21.  We consider it vital that the allocation of fines for conduct issues prior to the establishment of the ring-fence is addressed by the Treasury and the regulator prior to the implementation of the ring-fence. We consider that there may be a case for the regulator being given a duty to approve any such allocation. We therefore recommend that the Government, in its response to this Report, set out its views on this matter. (Paragraph 55)


22.  An effective bail-in regime is widely-acknowledged as having a crucial role in insulating the taxpayer from losses in future banking crises and ensuring that bondholders bear their share of the downside risk when banks get into trouble in the future, and therefore pay greater heed to the conduct and performance of banks. The Commission is disappointed by the Government's reliance on reporting by international institutions and by its reluctance to consider the benefits of regular reporting at national level on progress (or the lack of it) in this area. We are similarly disappointed by the Government's apparent rejection of the case for a domestic legislative initiative as a safety net in the event that progress at European level proves inadequate. This is a particularly concerning signal in the light of the number of other important reforms which currently depend on action at a European level, a matter to which we will return in our final Report. The Commission invites the two Houses to consider Amendments T, U and V in the Appendix, which facilitate debate on these crucial matters. (Paragraph 64)

Primary Loss Absorbing Capital (PLAC)

23.  The Commission welcomes the Government's decision, in line with our recommendations, to revise and limit the Treasury's proposed powers over the regulator in relation to loss-absorbency requirements. (Paragraph 66)

24.  We agree with HSBC that the judgements with respect to the burden of proof would need to be examined by the regulators at the highest level. We welcome the broad measure of support for the proposition that the burden of proof for any exemption from PLAC requirements should rest with the bank in question, subject to a requirement for the exercise of a high-level judgement by the regulator based on reasonably foreseeable risks. We invite the two Houses to consider Amendment W which seeks to give effect to this. In addition to our original recommendations, Amendment W also makes provision for any PLAC exemption to be reported to Parliament. (Paragraph 69)

The leverage ratio and risk-weightings

25.  The changes to capital ratios, proposed as a result of the international capital rules under Basel III and the revised Capital Requirements Directive that will flow from it, will not adequately address the problems of risk-weightings. The framework for risk-weighting under Basel II was profoundly flawed, permitting certain banks to rely on their own subjective and variable risk-weighting methodologies as a basis for weakening their capital buffers, when they should have been strengthening them. There are already signs that many of these flaws will be carried through into the Basel III framework. We are therefore particularly disappointed that the Government has rejected the Commission's proposal for an annual assessment by the Bank of England of progress of work to improve risk-weighting. We invite both Houses to consider the proposition set out in Amendments X and Y in the Appendix which would require there to be such an assessment. (Paragraph 76)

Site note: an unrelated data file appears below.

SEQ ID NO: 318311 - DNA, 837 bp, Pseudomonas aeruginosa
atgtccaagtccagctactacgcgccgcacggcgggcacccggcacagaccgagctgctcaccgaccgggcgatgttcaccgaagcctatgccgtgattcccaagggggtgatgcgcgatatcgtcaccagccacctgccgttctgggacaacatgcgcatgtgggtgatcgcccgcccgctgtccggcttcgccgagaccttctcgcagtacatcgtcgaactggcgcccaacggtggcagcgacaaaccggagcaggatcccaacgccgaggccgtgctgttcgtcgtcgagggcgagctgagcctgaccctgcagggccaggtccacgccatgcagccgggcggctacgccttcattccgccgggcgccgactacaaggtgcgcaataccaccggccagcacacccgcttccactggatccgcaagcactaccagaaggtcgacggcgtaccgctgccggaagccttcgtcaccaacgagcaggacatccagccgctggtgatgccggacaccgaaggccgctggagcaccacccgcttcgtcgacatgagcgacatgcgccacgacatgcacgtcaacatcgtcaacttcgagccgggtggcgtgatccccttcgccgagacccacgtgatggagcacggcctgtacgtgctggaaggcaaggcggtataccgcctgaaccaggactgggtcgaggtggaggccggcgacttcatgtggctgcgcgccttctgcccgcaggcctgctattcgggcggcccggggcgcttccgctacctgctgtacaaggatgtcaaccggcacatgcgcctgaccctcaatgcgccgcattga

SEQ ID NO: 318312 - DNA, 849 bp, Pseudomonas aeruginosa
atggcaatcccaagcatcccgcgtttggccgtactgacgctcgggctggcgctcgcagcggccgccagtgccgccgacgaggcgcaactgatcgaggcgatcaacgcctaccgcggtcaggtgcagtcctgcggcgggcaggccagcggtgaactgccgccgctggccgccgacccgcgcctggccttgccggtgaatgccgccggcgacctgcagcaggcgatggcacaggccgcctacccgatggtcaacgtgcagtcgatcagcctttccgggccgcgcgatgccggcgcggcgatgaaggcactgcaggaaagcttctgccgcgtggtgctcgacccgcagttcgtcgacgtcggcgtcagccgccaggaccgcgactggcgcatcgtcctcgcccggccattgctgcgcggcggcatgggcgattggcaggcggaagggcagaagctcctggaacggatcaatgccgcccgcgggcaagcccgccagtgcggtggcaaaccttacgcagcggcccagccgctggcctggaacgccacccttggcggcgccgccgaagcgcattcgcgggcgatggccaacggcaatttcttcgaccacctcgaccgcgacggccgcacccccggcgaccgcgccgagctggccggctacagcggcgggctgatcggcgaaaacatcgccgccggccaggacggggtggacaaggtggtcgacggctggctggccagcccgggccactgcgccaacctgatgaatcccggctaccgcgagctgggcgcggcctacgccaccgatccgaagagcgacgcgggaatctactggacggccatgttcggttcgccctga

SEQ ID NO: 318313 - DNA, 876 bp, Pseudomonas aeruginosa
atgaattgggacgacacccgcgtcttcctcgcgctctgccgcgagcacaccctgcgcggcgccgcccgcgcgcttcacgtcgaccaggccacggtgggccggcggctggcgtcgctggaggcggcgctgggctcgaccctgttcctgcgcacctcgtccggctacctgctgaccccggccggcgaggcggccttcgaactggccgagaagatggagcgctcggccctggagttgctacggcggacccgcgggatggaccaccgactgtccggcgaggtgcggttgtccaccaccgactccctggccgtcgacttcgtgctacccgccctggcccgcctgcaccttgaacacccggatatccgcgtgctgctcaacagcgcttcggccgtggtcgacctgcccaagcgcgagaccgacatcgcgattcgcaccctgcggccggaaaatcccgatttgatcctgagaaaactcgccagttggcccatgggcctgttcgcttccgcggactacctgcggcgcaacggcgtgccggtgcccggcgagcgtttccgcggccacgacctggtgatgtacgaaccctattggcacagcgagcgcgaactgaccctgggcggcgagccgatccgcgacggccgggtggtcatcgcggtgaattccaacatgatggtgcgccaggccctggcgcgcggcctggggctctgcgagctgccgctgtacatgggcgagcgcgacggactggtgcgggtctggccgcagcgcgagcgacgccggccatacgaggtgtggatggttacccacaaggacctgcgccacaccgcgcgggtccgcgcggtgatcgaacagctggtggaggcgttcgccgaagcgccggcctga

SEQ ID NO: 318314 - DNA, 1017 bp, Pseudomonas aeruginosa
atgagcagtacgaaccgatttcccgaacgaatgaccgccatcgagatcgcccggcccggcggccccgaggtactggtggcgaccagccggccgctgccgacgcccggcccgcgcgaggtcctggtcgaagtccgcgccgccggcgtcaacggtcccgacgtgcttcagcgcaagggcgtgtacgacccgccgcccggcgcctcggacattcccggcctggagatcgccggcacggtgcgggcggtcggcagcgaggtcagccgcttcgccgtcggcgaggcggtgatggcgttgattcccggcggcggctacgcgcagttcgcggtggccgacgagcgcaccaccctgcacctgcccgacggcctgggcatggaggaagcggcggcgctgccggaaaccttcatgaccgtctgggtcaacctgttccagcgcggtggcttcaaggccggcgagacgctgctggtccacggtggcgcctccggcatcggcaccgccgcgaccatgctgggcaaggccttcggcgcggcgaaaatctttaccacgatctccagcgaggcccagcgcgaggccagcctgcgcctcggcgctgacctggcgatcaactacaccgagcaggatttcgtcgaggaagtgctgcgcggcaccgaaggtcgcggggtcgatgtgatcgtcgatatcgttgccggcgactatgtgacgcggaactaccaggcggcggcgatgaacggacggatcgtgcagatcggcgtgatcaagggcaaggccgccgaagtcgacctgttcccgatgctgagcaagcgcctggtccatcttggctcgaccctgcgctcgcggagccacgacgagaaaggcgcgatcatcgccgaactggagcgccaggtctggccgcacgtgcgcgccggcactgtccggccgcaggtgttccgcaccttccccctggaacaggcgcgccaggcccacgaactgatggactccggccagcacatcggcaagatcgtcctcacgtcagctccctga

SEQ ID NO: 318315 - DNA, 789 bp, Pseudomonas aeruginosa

26.  The historic and prospective ineffectiveness of risk-weighting makes leverage ratios at the appropriate level all the more important as a backstop. The case for leaving the leverage requirement unchanged at 33 times when the capital requirement on banks is to be increased in line with the ICB's recommendation is therefore extremely weak. The Commission remains wholly unconvinced by the case made by the Government against a higher leverage ratio for UK banks by reference to international requirements. We propose to consider this further in our final Report. (Paragraph 77)

Wider reforms and our final Report

27.  The Commission considers it essential that the timetable for the progress of the current Bill through both Houses of Parliament allows adequate time not only for the full scrutiny of the current content, but also for the addition of provisions to give effect to the recommendations in our final Report. We welcome the Chancellor of the Exchequer's implied acknowledgement that Royal Assent in 2013 is no longer appropriate. We recommend that the report and third reading stages in the House of Commons do not take place before the Summer. (Paragraph 81)

28.  The Commission is encouraged by the positive tone of the Government's response and by the steps it has already taken or agreed to take to give effect to the recommendations of our First Report. This augurs well for the Government's actions in response to our final Report. There is, however, still a long way to go if the legislation now before the House of Commons is to provide legislative impetus for a transformation of the UK banking system. The Bill as presented to the House of Commons represents not the beginning of the end for the necessary reform process, but the end of the beginning. (Paragraph 82)

previous page contents next page

© Parliamentary copyright 2013
Prepared 11 March 2013